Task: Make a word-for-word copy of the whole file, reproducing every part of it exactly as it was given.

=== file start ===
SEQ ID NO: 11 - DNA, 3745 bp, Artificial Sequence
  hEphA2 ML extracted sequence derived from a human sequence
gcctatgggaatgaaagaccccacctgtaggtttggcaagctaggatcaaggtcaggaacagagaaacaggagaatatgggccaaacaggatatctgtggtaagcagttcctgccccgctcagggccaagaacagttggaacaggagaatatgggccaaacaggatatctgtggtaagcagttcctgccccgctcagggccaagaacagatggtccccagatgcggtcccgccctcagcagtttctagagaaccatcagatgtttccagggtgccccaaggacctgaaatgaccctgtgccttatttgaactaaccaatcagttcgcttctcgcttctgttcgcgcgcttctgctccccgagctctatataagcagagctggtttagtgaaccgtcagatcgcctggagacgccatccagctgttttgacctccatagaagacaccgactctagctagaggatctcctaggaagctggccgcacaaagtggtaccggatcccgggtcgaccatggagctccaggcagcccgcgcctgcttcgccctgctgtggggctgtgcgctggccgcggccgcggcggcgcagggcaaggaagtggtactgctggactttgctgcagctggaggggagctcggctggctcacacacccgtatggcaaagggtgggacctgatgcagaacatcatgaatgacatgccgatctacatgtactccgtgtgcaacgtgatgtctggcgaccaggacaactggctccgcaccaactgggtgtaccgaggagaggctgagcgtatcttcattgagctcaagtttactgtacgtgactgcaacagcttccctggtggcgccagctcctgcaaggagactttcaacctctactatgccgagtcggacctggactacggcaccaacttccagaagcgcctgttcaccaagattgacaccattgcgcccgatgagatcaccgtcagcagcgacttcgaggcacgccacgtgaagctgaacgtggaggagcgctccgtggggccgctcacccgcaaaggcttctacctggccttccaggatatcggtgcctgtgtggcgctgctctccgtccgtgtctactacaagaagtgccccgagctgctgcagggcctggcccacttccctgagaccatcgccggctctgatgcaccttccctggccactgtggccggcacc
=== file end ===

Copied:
SEQ ID NO: 11 - DNA, 3745 bp, Artificial Sequence
  hEphA2 ML extracted sequence derived from a human sequence
gcctatgggaatgaaagaccccacctgtaggtttggcaagctaggatcaaggtcaggaacagagaaacaggagaatatgggccaaacaggatatctgtggtaagcagttcctgccccgctcagggccaagaacagttggaacaggagaatatgggccaaacaggatatctgtggtaagcagttcctgccccgctcagggccaagaacagatggtccccagatgcggtcccgccctcagcagtttctagagaaccatcagatgtttccagggtgccccaaggacctgaaatgaccctgtgccttatttgaactaaccaatcagttcgcttctcgcttctgttcgcgcgcttctgctccccgagctctatataagcagagctggtttagtgaaccgtcagatcgcctggagacgccatccagctgttttgacctccatagaagacaccgactctagctagaggatctcctaggaagctggccgcacaaagtggtaccggatcccgggtcgaccatggagctccaggcagcccgcgcctgcttcgccctgctgtggggctgtgcgctggccgcggccgcggcggcgcagggcaaggaagtggtactgctggactttgctgcagctggaggggagctcggctggctcacacacccgtatggcaaagggtgggacctgatgcagaacatcatgaatgacatgccgatctacatgtactccgtgtgcaacgtgatgtctggcgaccaggacaactggctccgcaccaactgggtgtaccgaggagaggctgagcgtatcttcattgagctcaagtttactgtacgtgactgcaacagcttccctggtggcgccagctcctgcaaggagactttcaacctctactatgccgagtcggacctggactacggcaccaacttccagaagcgcctgttcaccaagattgacaccattgcgcccgatgagatcaccgtcagcagcgacttcgaggcacgccacgtgaagctgaacgtggaggagcgctccgtggggccgctcacccgcaaaggcttctacctggccttccaggatatcggtgcctgtgtggcgctgctctccgtccgtgtctactacaagaagtgccccgagctgctgcagggcctggcccacttccctgagaccatcgccggctctgatgcaccttccctggccactgtggccggcacc